“I would give anything to have my mum back and not be one of those people who own a house young without having to have laboured and toiled in the traditional sense,” she said.

“I know I should be grateful for this opportunity to ‘get ahead’, but mostly I just feel sad.”

It's not always as simple as work hard, save harder. Photo: Getty.

Ultimately, the 'trick' to buying a home is... there isn't one.

We essentially know what to do: save money, increase earnings, do this for a long time and be realistic in your expectations about what (and where) you can buy. Rod Attrill, money expert at Compare the Market, has some main advice for those hoping to get into the housing market: do your research about the market and what you can borrow, and get into a good savings habit as early as possible.

"The real challenge is that coming out of school and uni, you might be earning your first pay packet, so you want to have a little bit of fun as well," he said.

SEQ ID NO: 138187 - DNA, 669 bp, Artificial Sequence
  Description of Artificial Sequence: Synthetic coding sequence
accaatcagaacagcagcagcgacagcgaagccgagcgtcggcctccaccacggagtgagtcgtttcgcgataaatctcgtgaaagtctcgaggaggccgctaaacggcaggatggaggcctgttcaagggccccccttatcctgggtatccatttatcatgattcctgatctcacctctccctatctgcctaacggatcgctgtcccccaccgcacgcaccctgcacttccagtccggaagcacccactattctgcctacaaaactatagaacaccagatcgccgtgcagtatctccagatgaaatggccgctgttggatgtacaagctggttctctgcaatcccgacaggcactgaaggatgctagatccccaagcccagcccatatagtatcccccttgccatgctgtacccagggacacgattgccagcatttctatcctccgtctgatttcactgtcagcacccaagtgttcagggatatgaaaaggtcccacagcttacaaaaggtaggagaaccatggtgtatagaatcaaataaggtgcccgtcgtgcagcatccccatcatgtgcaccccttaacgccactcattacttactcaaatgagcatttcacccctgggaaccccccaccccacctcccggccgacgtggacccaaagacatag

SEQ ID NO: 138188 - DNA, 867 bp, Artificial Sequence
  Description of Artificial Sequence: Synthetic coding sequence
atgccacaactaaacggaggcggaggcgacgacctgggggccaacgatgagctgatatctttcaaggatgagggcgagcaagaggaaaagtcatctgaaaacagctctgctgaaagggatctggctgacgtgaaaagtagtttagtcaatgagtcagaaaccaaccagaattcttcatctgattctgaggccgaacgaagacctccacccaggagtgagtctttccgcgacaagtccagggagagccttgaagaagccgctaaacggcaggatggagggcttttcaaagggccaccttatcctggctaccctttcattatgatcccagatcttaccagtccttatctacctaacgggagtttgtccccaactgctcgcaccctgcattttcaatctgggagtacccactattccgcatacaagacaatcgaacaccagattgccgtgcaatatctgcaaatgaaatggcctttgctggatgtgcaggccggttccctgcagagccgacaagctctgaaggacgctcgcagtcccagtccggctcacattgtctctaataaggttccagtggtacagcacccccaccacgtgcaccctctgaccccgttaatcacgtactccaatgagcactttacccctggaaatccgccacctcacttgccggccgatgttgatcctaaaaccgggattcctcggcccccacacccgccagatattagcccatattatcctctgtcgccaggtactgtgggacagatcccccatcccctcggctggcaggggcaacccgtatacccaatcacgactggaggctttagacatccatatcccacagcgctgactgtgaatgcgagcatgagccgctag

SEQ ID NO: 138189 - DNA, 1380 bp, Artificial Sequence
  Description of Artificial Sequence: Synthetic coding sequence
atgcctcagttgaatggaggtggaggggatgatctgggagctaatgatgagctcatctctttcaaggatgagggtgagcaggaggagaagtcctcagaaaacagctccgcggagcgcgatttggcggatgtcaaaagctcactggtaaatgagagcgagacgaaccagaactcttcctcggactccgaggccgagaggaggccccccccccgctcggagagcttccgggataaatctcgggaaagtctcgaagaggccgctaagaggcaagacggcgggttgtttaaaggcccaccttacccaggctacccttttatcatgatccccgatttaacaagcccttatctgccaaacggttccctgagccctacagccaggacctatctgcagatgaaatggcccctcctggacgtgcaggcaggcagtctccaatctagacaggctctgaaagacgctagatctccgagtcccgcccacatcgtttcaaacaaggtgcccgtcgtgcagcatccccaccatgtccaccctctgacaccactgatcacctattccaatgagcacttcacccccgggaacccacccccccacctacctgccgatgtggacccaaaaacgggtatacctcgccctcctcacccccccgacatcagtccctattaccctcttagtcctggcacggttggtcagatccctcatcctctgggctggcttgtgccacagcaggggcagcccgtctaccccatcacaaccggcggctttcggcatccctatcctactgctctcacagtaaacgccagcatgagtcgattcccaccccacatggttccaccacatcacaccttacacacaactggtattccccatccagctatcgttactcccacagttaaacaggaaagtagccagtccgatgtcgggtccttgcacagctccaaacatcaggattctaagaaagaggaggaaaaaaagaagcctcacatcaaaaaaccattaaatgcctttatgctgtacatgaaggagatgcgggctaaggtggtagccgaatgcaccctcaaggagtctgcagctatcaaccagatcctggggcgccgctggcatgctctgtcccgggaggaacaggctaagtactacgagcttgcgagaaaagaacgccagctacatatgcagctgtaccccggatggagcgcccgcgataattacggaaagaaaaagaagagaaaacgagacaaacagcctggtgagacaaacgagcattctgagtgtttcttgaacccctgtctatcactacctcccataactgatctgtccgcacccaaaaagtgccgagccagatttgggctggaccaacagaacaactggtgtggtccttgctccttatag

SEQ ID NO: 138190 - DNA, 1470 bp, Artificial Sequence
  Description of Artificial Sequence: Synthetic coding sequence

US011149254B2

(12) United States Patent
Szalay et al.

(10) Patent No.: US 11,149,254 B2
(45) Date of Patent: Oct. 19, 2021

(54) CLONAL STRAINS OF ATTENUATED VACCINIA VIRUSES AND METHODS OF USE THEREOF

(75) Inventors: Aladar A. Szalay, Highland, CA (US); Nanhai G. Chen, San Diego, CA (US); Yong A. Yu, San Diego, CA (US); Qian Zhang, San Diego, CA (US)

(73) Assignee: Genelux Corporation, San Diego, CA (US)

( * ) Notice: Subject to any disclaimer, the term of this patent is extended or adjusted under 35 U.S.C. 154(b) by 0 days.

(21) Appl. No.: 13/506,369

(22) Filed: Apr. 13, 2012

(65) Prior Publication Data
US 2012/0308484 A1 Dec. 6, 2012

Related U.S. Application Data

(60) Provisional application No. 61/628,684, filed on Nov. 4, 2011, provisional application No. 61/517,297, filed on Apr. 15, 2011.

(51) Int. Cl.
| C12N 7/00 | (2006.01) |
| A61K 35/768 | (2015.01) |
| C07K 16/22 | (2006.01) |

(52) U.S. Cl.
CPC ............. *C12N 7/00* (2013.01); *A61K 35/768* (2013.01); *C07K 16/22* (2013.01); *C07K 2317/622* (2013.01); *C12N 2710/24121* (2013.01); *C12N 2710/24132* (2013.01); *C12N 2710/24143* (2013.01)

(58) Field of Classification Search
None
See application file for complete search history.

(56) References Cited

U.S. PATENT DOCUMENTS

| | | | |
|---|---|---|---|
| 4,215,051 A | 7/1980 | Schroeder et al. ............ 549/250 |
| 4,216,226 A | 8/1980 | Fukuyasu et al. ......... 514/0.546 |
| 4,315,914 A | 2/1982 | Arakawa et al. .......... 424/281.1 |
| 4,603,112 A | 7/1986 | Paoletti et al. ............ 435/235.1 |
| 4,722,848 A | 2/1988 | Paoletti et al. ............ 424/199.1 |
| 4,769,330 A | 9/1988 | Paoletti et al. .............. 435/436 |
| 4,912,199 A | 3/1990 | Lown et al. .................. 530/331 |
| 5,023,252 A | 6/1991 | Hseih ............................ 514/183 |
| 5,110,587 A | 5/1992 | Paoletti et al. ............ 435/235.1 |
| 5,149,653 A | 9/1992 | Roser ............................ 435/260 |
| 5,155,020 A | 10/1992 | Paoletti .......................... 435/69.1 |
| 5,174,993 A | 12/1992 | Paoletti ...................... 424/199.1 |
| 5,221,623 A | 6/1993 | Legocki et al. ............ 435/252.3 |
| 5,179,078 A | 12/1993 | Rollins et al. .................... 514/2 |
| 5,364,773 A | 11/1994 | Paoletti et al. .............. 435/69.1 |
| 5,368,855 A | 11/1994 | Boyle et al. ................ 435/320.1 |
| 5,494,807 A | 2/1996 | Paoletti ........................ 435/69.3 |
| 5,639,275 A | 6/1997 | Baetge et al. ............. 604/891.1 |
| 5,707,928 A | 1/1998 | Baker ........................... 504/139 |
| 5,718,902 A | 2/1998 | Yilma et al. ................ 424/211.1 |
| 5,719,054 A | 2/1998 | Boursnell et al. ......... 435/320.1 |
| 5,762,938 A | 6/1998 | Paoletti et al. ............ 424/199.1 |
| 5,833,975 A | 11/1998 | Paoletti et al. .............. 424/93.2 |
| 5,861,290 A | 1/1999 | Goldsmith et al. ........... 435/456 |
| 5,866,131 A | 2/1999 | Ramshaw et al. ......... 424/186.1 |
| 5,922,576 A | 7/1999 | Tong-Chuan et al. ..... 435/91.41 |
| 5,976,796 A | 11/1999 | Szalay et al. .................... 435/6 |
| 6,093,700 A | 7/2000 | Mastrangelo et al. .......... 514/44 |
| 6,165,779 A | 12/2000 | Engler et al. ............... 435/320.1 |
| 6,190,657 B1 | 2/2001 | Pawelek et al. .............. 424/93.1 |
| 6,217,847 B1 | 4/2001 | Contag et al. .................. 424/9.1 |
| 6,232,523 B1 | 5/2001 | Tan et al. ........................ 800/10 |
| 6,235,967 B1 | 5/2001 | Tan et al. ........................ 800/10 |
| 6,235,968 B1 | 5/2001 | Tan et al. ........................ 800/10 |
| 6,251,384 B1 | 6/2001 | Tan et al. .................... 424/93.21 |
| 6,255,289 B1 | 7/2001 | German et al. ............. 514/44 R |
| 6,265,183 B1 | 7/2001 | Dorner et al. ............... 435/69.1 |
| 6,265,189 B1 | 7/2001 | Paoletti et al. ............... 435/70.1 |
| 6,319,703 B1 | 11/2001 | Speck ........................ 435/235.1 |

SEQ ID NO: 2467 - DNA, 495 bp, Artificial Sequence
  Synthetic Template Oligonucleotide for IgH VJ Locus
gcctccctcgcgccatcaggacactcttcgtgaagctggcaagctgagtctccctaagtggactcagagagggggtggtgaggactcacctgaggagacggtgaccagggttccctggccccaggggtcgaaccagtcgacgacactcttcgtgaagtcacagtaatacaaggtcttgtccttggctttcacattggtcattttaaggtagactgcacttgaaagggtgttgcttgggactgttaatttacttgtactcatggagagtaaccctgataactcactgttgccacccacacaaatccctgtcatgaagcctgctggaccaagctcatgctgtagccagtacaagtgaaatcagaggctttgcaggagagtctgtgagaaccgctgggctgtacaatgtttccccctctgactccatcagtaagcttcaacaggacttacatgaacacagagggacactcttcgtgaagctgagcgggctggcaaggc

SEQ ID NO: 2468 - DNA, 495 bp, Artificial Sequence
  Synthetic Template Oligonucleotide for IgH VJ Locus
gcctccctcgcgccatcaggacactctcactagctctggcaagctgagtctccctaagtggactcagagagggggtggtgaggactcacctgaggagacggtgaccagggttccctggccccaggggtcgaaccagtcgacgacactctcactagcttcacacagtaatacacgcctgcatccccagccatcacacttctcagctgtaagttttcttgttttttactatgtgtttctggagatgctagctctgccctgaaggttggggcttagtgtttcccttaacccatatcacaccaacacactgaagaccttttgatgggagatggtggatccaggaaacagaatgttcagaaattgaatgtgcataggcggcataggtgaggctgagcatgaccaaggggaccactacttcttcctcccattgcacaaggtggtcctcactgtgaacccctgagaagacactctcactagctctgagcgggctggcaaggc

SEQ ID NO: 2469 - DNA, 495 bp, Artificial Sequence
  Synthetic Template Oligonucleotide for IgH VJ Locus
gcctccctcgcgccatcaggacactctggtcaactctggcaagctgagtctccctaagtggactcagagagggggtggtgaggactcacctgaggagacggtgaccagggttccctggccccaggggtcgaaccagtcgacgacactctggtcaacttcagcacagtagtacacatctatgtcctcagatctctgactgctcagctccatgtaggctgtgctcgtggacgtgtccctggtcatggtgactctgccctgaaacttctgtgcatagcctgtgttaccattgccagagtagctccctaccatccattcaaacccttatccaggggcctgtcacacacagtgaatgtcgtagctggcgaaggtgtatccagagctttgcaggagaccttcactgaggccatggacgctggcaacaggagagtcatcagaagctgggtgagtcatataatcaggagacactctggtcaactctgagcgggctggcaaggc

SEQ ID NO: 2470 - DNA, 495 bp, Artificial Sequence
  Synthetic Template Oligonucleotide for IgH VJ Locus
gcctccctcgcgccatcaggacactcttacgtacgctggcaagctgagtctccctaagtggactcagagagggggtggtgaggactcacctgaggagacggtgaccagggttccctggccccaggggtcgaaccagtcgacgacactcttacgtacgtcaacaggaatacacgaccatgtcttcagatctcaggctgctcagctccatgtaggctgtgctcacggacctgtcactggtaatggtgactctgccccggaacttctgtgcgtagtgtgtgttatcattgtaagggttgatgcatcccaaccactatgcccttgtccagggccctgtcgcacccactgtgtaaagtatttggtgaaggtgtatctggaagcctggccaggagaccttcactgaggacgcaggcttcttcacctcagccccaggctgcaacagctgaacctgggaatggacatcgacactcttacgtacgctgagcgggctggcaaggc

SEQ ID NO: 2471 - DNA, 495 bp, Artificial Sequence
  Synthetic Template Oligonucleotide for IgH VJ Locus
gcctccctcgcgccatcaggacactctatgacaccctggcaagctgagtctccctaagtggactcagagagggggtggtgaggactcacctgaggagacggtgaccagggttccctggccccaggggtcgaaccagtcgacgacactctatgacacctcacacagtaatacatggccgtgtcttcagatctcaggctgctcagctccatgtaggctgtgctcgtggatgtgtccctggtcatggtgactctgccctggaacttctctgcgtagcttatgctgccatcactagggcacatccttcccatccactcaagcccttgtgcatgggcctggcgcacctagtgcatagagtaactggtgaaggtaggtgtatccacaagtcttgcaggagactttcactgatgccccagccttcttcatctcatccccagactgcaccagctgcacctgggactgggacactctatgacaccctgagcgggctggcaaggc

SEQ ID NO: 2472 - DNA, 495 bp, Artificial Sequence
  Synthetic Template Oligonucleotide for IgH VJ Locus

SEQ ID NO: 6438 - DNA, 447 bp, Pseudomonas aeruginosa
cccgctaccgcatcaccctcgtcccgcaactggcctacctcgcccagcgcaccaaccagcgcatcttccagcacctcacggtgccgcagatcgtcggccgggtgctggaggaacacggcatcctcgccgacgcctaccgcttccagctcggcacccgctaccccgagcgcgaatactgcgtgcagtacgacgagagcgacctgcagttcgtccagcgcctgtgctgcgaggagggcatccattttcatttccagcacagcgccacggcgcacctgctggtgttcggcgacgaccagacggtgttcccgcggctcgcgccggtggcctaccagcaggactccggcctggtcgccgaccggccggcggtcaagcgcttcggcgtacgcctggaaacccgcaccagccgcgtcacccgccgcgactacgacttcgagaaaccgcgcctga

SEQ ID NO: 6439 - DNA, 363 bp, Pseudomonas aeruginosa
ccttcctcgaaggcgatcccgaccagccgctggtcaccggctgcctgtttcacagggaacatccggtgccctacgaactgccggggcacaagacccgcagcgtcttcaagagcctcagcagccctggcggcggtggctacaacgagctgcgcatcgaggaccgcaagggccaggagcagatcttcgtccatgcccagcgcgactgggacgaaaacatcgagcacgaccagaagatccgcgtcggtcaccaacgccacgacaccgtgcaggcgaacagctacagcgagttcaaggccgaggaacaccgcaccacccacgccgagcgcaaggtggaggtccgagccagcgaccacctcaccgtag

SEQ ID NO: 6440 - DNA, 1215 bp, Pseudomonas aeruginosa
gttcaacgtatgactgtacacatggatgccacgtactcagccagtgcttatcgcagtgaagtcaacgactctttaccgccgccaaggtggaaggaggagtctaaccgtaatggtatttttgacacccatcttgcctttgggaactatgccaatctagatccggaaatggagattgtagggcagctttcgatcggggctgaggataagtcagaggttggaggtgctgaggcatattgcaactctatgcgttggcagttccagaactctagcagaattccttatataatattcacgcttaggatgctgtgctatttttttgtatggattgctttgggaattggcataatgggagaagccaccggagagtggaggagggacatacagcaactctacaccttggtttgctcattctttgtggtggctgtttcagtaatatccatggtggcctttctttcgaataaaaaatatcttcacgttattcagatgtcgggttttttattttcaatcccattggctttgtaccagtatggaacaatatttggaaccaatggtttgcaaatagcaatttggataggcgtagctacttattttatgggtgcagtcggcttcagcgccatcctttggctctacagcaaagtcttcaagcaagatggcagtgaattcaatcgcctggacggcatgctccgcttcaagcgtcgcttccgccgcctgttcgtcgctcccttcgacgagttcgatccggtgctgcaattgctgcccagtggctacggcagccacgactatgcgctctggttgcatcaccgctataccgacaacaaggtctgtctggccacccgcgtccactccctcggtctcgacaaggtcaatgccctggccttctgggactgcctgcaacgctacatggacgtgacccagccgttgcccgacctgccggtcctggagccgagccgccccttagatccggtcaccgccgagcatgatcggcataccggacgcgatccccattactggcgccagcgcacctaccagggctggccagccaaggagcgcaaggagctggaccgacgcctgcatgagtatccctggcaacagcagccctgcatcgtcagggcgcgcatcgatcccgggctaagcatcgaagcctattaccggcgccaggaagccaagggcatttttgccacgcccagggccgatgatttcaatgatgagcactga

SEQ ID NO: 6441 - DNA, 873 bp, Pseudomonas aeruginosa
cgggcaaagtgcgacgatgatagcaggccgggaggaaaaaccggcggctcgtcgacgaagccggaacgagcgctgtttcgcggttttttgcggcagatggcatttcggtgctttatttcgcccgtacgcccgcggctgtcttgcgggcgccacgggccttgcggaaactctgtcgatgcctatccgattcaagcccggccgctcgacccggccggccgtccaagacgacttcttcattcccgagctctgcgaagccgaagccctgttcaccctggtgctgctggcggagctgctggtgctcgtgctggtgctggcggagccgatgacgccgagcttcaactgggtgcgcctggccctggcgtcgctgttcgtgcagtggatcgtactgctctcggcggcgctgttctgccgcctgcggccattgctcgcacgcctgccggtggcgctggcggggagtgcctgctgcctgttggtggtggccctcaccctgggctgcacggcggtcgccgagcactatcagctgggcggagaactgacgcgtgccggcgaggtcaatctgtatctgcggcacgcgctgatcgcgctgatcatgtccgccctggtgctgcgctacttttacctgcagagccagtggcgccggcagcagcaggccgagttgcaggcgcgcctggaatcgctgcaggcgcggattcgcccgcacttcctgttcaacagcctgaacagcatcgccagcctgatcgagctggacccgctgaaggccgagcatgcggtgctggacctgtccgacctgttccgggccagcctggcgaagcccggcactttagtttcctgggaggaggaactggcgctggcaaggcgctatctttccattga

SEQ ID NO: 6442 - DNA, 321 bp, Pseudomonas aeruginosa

READ MORE: How To Save $16,000 A Year Without Really Noticing

But in the long term, a good saving habit will impact your home loan, with lenders looking at your income versus expenses. It will also give you a realistic idea of whether or not you can afford the mortgage repayments.

That being said, he's straight up about the task ahead.

"In Sydney, it's really difficult for a single person to even buy a unit somewhere relevant to the city. That's a really tough ask," he said.

"Even other states are pretty full on. Starting early and putting a little bit aside is a good idea."

Contact the author: abrucesmith@networkten.com.au